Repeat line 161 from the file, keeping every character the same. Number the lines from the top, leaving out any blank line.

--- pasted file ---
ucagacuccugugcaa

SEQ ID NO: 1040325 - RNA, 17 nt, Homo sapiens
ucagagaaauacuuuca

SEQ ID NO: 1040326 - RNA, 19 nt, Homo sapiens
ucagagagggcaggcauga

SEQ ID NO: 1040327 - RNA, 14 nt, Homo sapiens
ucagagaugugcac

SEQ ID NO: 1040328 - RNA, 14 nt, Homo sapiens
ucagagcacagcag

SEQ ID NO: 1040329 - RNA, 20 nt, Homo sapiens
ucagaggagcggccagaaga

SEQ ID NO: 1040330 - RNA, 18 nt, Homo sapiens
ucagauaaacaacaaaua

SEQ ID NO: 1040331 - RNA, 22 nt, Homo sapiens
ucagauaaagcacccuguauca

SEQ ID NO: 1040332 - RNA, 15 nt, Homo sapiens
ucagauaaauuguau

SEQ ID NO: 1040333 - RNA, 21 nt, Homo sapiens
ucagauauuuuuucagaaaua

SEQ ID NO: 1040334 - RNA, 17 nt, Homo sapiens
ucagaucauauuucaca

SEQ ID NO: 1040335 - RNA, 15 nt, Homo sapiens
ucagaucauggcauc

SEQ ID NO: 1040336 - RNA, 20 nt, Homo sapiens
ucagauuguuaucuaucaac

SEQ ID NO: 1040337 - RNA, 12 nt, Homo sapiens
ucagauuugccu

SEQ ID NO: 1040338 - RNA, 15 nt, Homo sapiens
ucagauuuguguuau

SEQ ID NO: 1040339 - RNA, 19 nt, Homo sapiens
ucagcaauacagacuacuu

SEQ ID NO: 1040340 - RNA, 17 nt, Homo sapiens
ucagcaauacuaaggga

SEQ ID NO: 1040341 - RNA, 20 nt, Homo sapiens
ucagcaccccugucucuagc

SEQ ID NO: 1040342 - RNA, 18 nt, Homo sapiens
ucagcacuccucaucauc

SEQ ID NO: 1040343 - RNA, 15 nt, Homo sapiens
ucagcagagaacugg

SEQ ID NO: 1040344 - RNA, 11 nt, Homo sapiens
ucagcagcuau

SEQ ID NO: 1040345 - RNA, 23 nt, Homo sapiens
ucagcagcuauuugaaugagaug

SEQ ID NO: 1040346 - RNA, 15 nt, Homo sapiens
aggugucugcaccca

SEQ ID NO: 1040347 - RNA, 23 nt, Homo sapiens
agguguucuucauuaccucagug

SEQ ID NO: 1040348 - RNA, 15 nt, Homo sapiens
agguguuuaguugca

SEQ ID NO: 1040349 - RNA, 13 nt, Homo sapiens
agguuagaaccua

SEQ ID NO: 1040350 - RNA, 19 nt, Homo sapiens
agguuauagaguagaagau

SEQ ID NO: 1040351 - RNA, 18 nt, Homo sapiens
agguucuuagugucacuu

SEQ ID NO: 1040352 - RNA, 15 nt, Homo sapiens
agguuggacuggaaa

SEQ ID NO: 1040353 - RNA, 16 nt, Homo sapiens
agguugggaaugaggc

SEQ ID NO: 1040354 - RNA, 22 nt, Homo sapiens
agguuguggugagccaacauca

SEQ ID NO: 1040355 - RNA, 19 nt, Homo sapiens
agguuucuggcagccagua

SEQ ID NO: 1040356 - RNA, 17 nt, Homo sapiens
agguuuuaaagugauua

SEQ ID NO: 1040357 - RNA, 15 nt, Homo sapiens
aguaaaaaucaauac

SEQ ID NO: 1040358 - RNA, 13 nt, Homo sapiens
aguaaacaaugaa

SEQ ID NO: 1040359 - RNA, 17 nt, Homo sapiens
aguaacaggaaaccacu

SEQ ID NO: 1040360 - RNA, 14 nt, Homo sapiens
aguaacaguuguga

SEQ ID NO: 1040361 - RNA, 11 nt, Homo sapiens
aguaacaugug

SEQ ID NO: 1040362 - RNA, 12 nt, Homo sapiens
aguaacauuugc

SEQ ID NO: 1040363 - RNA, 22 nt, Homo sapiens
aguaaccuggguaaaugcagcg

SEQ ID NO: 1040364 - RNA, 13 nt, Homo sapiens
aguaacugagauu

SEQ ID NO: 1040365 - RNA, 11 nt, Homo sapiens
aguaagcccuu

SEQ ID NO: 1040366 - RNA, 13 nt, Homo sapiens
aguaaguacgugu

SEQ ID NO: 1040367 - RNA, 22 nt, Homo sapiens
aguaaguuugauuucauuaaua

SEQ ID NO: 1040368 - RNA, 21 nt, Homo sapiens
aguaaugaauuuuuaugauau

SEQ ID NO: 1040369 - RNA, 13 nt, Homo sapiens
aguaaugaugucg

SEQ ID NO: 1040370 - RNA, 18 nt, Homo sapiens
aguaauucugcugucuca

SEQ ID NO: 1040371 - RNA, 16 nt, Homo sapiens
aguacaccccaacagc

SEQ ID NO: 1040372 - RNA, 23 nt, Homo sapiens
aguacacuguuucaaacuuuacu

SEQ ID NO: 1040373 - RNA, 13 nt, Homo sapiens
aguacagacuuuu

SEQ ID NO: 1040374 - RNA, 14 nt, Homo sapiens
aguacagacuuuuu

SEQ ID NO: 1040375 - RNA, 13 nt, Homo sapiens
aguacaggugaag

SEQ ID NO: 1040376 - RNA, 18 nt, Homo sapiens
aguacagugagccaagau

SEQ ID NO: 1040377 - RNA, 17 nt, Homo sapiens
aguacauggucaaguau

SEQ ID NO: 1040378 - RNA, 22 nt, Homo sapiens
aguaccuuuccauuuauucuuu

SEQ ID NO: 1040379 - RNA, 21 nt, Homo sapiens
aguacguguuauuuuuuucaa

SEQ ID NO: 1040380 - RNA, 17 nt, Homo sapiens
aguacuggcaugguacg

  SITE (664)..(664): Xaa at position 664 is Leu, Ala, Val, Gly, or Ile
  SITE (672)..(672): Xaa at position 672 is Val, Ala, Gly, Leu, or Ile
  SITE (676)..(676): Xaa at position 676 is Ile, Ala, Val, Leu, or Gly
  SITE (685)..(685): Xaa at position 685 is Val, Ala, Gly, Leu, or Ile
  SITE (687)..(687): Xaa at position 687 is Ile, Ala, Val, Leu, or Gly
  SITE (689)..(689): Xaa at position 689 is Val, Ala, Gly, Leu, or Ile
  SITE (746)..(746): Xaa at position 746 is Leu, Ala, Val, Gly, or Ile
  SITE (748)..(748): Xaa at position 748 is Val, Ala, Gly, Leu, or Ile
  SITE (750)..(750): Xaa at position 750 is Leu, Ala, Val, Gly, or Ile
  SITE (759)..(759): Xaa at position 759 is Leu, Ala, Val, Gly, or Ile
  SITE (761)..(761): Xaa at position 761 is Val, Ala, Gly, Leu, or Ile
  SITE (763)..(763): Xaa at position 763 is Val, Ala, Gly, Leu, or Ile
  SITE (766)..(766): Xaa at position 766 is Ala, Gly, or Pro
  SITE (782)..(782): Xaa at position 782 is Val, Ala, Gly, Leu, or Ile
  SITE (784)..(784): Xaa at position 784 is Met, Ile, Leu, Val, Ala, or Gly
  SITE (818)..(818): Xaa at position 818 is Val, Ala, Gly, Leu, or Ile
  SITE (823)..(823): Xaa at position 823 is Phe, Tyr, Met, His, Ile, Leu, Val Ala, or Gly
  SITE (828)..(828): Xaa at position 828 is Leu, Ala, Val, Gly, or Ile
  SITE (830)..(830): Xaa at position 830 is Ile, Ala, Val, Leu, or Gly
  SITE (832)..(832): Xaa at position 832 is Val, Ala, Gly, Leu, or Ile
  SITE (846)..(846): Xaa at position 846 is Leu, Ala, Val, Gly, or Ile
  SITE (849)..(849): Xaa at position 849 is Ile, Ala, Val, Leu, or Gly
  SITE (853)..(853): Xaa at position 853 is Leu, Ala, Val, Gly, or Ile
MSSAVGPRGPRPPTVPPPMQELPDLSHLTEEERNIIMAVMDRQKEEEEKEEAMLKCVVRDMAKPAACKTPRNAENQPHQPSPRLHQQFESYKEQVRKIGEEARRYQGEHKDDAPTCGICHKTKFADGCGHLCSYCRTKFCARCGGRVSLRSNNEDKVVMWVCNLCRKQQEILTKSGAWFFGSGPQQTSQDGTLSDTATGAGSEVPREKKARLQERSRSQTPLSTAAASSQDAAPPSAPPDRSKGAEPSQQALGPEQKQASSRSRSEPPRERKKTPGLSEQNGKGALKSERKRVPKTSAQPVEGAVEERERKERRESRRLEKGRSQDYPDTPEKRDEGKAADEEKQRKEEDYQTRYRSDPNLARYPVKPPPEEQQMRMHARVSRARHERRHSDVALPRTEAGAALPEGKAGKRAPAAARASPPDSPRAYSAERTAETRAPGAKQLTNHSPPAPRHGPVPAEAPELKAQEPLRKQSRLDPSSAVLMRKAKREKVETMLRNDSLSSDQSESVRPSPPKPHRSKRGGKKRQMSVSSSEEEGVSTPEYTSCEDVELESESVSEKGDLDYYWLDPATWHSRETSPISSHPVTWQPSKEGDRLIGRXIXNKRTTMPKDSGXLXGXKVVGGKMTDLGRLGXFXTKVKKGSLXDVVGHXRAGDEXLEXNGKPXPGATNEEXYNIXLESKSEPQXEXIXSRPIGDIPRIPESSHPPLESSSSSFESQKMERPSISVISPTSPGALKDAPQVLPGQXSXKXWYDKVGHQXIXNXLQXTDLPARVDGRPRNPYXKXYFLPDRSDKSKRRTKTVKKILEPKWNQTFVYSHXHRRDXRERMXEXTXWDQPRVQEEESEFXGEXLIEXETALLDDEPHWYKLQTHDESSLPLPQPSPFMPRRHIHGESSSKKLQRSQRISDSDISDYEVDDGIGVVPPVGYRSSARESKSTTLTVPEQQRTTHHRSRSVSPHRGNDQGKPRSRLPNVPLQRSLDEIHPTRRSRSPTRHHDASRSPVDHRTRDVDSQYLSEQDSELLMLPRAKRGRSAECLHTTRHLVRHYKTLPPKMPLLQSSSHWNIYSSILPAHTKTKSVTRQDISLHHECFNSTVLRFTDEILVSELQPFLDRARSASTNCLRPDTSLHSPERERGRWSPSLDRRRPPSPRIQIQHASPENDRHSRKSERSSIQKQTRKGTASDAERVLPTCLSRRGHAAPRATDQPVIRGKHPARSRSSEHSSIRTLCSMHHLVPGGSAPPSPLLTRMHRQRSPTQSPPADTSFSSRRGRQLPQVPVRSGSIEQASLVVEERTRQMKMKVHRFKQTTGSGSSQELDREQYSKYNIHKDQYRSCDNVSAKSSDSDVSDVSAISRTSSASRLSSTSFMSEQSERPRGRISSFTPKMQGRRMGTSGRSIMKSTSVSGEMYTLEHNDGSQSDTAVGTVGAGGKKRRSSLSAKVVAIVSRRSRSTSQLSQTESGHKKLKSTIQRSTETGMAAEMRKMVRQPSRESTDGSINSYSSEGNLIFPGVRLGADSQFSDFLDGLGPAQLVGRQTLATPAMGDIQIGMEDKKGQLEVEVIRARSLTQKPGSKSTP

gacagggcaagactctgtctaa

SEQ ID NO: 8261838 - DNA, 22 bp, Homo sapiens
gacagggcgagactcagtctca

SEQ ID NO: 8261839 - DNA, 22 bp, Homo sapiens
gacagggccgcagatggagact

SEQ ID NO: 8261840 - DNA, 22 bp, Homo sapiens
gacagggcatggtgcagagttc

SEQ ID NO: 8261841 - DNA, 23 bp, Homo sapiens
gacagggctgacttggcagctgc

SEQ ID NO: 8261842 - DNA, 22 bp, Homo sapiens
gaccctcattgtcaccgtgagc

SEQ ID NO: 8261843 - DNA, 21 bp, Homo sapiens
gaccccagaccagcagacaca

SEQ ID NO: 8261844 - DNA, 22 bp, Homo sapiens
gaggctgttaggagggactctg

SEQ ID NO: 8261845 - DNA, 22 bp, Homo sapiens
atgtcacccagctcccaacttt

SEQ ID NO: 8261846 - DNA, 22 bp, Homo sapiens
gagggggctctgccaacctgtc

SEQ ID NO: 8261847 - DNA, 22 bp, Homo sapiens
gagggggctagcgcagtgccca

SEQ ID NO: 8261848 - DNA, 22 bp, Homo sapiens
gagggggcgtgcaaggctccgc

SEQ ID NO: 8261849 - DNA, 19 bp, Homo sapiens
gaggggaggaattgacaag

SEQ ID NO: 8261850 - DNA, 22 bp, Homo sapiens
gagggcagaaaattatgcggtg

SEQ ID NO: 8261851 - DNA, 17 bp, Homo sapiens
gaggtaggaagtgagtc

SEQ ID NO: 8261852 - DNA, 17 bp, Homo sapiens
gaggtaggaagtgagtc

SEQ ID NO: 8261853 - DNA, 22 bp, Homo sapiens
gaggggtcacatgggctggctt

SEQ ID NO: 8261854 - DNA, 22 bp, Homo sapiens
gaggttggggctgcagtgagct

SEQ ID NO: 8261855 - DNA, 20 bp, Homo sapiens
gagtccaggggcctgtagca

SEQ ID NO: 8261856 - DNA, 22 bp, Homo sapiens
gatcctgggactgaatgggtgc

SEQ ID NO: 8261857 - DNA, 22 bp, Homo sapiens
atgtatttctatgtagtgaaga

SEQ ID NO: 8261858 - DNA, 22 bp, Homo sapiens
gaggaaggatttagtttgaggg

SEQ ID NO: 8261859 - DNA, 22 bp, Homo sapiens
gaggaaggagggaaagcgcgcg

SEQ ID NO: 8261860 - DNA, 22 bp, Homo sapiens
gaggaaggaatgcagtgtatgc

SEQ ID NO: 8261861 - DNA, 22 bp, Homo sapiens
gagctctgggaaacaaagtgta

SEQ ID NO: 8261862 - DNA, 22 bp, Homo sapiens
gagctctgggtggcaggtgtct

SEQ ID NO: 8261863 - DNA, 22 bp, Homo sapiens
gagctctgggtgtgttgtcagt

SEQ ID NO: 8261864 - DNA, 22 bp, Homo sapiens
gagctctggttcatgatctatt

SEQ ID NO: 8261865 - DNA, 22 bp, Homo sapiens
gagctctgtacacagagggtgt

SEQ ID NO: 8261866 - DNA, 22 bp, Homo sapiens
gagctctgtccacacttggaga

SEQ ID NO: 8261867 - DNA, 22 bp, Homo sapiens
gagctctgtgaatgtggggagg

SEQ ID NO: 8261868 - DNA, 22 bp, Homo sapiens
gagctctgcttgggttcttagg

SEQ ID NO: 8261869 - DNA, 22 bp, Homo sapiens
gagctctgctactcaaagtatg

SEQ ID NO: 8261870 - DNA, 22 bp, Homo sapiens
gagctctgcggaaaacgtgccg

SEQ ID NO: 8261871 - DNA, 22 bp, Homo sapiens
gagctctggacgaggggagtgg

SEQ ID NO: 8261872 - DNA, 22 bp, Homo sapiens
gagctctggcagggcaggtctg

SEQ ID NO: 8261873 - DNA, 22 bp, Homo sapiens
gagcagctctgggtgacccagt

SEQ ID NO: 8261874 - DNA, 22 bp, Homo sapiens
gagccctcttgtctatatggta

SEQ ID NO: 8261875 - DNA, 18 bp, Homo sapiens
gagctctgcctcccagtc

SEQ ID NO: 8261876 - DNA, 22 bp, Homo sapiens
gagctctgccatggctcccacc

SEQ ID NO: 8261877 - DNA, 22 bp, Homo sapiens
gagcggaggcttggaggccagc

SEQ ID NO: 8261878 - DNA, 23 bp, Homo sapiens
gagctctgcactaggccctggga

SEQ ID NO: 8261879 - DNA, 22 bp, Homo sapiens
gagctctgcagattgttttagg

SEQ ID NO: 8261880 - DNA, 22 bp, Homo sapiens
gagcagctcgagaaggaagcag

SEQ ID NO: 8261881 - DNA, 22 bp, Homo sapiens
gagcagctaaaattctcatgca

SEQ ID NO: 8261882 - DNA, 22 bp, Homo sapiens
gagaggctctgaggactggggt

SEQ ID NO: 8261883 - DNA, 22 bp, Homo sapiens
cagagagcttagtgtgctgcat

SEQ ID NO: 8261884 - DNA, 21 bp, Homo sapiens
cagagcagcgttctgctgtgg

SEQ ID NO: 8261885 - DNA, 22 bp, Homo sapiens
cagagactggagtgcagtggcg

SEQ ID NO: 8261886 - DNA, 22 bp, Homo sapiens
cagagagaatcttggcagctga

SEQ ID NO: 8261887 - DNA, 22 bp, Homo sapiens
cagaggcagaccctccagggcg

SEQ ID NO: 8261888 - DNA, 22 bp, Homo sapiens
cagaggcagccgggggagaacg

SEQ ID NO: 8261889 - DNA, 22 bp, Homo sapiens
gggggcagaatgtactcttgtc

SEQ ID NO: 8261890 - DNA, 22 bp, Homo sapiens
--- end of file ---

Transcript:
SEQ ID NO: 8261849 - DNA, 19 bp, Homo sapiens